PatientsLikeMe Newsletter Issue 28 - October 2009


Autumn snuck in and brought another change in scenery, as your photos in the forum have shown. But what about you - are you changing too?

One member recently shared his newfound determination to see the positive in this inspiring thread. He says, "Instead of lamenting the fact that I have ALS, I have tried to change my outlook. Instead, I make myself think how lucky I am that I was chosen from 150,000 people."

Have you been able to shift your own perspective? Chime in on this great thread about the lessons you've learned from your journey.

--Emma Willey, Community Manager


Check out some of the hot topics in the forum. Then jump in with your own questions and answers!

What's the correct way to get an FVC check?
Forced vital capacity (FVC) is a key test for ALS patients. But who should perform it? And should both the staff and equipment be consistent each time? Get answers here.

Getting help so you can live independently
If your spouse needs to work outside of the home, what are your options for finding help with feeding and toileting during the day? Share your ideas and experiences.

Sensory disturbances in ALS
Have you experienced unexpected sensations in your feet, hands or otherwise? Sensory problems are a lesser known symptom of ALS. Describe what it feels like for you.

DynaVox versus Eyegaze Edge versus Tobii
It can be hard to decide on a speaking/typing device. Which one do you use? Share your personal review, and if you can, update your profile so others can locate top user tips.


At PatientsLikeMe, we believe in getting to know the person, not just the "patient." That's why we interview PALS each month to find out more about how they approach life. This month we are pleased to feature LianneGoes, a three-star member from Goes, Zeeland, The Netherlands, and Arkann, a three-star member from Mascouche, Quebec, Canada.


1. What puts a smile on your face?

Pretty much anything. Morale is good. I'm still able to do many of things I want to do, and progression is slow enough to let me adapt and take things in stride. The other variables of my life are pretty good, so that helps a lot. The latest source of lasting happiness/satisfaction was a long discussion last evening with someone I did not know about various topics, including travels. I am also one week back from a trip to France. My young daughter is another source of great pride and joy.

2. What obstacles have you overcome recently?

Using a wheelchair in Paris. That was the first time I used a wheelchair for real. The first two weeks, I had someone to push me. The last week, I was on my own, and it was both harder and easier than I thought. Cobblestones were not nice, but rolling on too-sharply-sloped sidewalks was worse. Surprisingly exhausting. I'm fairly sure the sidewalks in my area are not as bad (well, when not in winter), but it was an eye-opener.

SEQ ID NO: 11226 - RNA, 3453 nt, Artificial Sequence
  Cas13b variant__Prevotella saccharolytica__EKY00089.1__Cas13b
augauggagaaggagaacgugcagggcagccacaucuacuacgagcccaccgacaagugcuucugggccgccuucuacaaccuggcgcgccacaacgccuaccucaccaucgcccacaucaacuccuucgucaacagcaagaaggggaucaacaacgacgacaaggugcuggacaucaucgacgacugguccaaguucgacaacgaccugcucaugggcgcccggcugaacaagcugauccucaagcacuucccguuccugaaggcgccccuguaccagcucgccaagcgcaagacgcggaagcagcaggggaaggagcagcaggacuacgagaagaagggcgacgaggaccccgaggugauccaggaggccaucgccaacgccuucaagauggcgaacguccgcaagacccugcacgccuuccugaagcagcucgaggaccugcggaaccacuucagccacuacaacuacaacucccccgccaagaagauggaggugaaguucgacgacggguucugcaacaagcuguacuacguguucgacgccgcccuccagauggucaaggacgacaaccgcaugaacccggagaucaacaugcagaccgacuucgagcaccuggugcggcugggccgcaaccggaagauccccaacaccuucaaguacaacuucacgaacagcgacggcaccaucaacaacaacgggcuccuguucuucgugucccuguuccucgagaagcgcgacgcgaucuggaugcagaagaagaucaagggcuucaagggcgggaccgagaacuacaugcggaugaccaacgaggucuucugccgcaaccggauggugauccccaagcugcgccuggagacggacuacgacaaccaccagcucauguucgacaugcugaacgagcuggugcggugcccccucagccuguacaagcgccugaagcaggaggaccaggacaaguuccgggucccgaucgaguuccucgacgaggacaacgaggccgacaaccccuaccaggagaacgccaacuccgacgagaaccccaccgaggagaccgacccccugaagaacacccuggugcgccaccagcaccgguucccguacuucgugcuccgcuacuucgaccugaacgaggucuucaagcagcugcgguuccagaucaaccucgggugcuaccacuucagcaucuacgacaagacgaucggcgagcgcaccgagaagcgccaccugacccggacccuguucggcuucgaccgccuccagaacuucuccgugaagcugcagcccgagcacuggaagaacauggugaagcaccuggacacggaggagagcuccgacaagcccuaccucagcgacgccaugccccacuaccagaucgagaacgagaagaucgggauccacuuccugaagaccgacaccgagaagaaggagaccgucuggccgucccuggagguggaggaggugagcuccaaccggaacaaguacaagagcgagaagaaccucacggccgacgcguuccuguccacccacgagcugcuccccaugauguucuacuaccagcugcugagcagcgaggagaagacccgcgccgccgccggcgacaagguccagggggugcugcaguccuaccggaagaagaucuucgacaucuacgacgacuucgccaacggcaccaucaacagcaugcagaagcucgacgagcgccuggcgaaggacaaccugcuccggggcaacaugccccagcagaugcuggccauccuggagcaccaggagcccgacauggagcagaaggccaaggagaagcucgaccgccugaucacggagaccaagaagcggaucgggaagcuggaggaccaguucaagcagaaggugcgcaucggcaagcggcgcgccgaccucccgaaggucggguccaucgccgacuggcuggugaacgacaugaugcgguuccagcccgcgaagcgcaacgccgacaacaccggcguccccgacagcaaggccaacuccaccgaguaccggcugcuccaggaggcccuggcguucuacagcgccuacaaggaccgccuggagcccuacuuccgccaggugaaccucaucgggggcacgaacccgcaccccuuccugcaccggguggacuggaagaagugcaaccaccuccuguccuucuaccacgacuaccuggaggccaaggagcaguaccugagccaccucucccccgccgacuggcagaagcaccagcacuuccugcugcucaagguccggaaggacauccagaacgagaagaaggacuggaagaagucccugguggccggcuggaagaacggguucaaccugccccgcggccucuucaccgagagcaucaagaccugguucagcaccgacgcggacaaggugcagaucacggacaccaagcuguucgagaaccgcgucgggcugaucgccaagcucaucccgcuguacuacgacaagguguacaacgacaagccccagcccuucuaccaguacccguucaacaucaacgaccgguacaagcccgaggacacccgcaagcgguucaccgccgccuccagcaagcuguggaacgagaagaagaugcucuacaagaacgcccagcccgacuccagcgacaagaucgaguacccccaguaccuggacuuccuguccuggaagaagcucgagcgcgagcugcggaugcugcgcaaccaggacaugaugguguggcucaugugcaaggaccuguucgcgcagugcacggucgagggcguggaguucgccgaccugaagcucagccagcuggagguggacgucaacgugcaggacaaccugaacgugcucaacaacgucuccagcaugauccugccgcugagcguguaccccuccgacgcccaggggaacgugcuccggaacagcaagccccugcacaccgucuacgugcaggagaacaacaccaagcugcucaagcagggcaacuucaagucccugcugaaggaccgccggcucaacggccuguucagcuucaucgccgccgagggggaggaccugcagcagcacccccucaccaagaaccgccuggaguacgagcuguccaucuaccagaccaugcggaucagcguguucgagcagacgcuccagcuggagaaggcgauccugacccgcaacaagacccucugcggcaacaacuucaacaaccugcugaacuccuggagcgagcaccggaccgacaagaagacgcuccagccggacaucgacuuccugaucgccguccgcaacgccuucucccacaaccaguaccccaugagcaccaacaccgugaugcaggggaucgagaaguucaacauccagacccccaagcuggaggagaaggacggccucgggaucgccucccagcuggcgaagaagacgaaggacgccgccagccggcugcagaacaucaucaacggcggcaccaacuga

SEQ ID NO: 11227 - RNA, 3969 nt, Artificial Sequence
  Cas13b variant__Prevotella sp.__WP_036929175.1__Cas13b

3. How would you describe your attitude on life?

I would say I have a pragmatic attitude, mostly. Somewhat optimistic. On the latter, more in the sense that I think we will be able to deal well enough with the disease's progression. We know where we are going, and are controlling what we can. We are trying to be ready in advance of each step. We are trying to make sure that my wife will have all that she needs for things to be as "easy" as possible. I'll be as light as I can be. It will still be tough, but... we'll deal.

4. What features of PatientsLikeMe do you use most?

Without a doubt the forums. I came to PatientsLikeMe looking for the progression tracking tools. I had tried to find forums, and did on other sites, but none were very active or had much in the way of useful information. The comment greetings left by other users to a newbie surprised me, enticed to look deeper, and that was a game-changer for me. I had limited information before, and suddenly, everything I wanted to know, and a few I did not know I needed to know, were there at my fingertips, complete with lots of people at various stages of progression to chime in with advice if I had questions.

I came to PatientsLikeMe a few weeks prior to my final diagnosis, when I knew the least and most needed information. I found solutions, not always good or fun ones, but solutions, to the problems that most scared me. It allowed me to put check marks next to most items on my worry list. Very, very helpful. It also showed me people a lot more advanced than I, who are finding ways to live a worthwhile life. In such a case, you tell yourself that if they can do it, maybe you can, too.